1. 1959 Messerschmitt KR200

  2. 1959 Messerschmitt KR200

  3. 1959 Messerschmitt KR200

  4. 1959 Messerschmitt KR200

  5. 1959 Messerschmitt KR200

  6. 1959 Messerschmitt KR200

  7. 1959 Messerschmitt KR200

  8. 1959 Messerschmitt KR200

  9. 1959 Messerschmitt KR200

  10. 1959 Messerschmitt KR200

  11. 1959 Messerschmitt KR200

  12. 1959 Messerschmitt KR200

  13. 1959 Messerschmitt KR200

  14. 1959 Messerschmitt KR200

  15. 1959 Messerschmitt KR200

  16. 1959 Messerschmitt KR200

  17. 1959 Messerschmitt KR200

  18. 1959 Messerschmitt KR200

  19. 1959 Messerschmitt KR200

  20. 1959 Messerschmitt KR200

  21. 1959 Messerschmitt KR200

Lot Number
1959 Messerschmitt KR200
Scottsdale Auction

Offered Without Reserve

ESTIMATE: $45,000 - $65,000
• Beautifully restored example in striking color combination
• Ready for the show field or any event
• Fun and fast with 'Tiger' upgrades

601 cc twin-cylinder engine, four-speed manual gearbox, independent suspension with hydraulic shocks; wheelbase: 79”

With aircraft manufacture being restricted in Post-War Germany, Messerschmitt turned to alternative engineering projects. Aircraft engineer Fritz Fend, penned an inexpensive but sporty little car with a unique tandem configuration to allow an airplane fuselage shape. Introduced in 1953, under the Fahrzeug und Maschinenbau GmbH (FMG) parent company name, the Kabinenroller, which translates literally to a rolling cabin, was powered by a two-stroke, single-cylinder engine, originally of 173 cc capacity for the KR175, growing to 191 cc for the KR200 of 1955, mated to a four-speed sequential gearbox. The engine was started with a pull rope as standard, but there was an option of an electric starter, a standard feature from 1954.

Controls in the original KR175 were quirky. A steel bar resembling something found in an aircraft of the preceding era took care of steering, while a gearshift lever on the side of the cockpit had a secondary lever to operate the clutch. The throttle was operated by a twist-grip on the left handlebar. To engage reverse, the engine was stopped and then restarted, thus, the car had the same four gear ratios available in reverse as it did in forward motion (yes, that means 60 mph backwards). The foot brake pedal, the only pedal in the car, operated brakes on all three wheels using cables. In 1954, the clutch lever was replaced by a pedal. The monocoque tub was topped with a canopy, reminiscent of the planes of WW II, hinged at the side which opens to allow the driver a gymnastic ingress.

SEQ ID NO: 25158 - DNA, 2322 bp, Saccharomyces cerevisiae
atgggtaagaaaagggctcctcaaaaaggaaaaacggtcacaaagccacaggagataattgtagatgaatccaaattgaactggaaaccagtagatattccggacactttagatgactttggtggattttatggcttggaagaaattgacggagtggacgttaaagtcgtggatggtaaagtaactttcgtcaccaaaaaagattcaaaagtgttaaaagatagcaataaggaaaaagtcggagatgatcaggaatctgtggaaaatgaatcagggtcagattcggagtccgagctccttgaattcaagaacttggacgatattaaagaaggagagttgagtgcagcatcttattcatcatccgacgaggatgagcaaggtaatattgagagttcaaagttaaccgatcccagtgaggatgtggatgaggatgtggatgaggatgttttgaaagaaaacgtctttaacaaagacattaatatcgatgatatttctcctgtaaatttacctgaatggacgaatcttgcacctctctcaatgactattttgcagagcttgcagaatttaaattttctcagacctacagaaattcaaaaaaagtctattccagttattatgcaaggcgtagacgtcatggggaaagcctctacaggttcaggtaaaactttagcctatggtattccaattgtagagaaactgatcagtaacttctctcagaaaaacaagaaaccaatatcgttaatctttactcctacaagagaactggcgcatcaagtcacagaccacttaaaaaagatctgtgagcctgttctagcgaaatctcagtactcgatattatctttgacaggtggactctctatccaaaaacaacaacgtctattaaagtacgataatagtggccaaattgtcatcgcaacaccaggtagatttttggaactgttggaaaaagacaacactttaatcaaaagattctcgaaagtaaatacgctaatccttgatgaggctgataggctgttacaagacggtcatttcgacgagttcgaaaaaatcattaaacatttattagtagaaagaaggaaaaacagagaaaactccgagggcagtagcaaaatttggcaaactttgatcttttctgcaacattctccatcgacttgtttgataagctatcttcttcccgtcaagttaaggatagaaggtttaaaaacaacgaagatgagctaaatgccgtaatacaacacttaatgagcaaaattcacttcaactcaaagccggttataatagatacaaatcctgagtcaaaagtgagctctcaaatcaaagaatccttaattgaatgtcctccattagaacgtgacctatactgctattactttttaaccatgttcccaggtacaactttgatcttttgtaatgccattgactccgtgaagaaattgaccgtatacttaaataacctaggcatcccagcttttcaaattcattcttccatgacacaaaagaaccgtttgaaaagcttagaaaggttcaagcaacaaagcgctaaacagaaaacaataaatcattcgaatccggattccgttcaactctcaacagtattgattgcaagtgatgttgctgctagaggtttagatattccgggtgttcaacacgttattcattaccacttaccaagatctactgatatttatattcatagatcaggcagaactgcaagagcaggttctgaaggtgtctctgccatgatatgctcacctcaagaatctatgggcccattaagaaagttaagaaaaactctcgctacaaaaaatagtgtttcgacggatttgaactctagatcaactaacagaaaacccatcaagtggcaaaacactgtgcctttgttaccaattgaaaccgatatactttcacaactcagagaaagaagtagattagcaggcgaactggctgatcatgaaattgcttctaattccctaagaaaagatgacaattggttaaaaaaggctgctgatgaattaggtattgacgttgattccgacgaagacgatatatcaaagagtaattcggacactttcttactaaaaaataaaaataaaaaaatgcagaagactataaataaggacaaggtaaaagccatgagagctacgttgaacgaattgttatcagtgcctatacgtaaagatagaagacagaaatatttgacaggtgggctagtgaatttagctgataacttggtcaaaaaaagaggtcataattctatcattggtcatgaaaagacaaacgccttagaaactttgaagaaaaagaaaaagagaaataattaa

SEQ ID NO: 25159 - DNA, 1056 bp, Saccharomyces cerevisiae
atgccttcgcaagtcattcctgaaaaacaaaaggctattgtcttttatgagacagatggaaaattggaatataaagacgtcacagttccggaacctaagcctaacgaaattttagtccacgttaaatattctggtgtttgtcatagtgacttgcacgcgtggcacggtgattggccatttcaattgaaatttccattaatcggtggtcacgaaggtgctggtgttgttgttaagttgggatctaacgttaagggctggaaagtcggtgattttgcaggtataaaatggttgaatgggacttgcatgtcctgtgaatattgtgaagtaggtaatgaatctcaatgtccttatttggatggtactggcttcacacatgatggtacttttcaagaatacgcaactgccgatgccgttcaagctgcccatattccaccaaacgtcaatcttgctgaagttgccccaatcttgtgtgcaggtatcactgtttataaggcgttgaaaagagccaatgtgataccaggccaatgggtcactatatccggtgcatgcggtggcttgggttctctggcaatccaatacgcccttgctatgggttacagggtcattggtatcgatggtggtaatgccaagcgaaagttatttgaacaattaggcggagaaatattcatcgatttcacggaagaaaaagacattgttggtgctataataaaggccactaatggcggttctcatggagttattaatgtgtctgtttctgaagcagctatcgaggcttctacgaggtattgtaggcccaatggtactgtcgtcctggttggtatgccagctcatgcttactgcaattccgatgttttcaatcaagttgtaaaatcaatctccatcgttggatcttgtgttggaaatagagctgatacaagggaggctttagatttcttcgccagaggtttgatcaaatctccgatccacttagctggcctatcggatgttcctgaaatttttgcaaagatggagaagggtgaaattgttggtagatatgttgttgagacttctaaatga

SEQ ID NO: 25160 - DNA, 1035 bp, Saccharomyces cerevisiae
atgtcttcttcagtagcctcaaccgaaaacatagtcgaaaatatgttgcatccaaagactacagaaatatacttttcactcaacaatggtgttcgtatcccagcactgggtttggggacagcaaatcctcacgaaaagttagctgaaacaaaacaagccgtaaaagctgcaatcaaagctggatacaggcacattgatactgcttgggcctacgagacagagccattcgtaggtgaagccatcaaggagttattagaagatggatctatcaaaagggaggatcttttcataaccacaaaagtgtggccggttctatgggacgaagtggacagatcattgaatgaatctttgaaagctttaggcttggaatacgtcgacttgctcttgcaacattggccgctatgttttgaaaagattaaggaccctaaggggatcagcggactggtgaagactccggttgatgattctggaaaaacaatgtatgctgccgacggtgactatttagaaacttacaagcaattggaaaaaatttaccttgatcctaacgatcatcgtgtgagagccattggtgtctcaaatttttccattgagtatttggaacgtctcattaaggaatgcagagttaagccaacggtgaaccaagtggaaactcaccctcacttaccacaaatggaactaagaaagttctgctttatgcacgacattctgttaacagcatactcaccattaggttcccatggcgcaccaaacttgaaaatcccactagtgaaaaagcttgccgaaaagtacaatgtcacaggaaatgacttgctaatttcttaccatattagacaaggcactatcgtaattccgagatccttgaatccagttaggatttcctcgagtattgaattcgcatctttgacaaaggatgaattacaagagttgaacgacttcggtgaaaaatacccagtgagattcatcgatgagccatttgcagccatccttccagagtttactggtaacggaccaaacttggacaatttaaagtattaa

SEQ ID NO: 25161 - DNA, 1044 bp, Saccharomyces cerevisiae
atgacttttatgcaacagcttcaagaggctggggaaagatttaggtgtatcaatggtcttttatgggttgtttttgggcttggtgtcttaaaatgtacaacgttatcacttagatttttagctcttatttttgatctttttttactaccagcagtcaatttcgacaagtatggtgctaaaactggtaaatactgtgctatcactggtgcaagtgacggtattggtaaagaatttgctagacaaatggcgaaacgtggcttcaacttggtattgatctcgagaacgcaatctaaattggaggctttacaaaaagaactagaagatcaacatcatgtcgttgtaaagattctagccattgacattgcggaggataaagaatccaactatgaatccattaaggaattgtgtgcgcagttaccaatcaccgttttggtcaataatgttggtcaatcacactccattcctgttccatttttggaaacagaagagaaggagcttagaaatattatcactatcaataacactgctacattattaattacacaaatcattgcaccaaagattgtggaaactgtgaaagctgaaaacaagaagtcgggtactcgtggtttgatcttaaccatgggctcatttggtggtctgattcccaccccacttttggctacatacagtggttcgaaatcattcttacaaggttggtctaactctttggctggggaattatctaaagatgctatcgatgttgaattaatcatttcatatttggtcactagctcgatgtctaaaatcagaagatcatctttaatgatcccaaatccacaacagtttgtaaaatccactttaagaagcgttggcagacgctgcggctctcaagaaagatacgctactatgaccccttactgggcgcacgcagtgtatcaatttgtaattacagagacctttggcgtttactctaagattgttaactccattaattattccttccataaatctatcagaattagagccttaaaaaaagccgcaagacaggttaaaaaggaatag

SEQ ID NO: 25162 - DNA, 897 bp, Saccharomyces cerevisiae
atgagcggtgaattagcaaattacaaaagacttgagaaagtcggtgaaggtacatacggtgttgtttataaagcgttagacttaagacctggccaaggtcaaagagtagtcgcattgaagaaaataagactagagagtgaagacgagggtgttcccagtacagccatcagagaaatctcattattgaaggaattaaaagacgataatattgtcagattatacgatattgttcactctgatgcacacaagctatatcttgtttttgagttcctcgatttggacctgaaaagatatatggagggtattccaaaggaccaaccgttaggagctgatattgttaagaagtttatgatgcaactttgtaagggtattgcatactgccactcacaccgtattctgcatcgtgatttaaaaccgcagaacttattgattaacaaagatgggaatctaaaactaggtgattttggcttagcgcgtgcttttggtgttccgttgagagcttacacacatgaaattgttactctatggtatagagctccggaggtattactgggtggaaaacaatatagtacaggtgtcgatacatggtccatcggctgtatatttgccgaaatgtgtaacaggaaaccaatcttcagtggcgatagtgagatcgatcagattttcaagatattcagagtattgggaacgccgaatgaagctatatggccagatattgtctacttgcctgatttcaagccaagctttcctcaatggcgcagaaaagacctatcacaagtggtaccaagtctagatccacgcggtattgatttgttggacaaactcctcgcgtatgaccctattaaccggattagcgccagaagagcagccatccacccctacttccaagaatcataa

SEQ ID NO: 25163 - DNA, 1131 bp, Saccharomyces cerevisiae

In 1955, in order to prove the KR200's durability, Messerschmitt prepared a KR200 to break the 24-hour speed record for three-wheeled vehicles under 250 cc. The record car was run at the Hockenheimring for 24 hours and broke 22 international speed records in its class, including the 24-hour speed record, which it set at 64 mph. In 1958, the design of the car took an innovative leap, when a fourth wheel was added to the rear. Badged as an FMR rather than Messerscmitt, the TG, or unofficially referred “Tiger”, featured a 494-cc air-cooled twin-cylinder two-stroke engine positioned transversely over the rear wheels developed by the same firm, Fichtel & Sachs, as the KR series of singles. Another design innovation for the model was the reverse gear incorporated into the gearbox, with H-pattern shifter. Production ceased in 1961 with reportedly only 320 examples manufactured.

The fabulously presented microcar offered here is a bit of a hotrod. Starting life as a KR200, the single rear wheel was removed in favor of the TG rear two-wheeled configuration and fiberglass fenders were added. A 600-cc two-stroke engine was sourced from a Trabant 601 and tuned by the Messerschmitt-community renowned, Hollie Herbolzheimer to 35 HP. Finished in Rose with black fenders, over a red interior with grey cloth inserts to the seat, this lovingly restored adorable mid-century sporting microcar has covered a mere two kilometres since restoration and is bound to please the crowd at any level of show or driving event.

1959 Messerschmitt KR200
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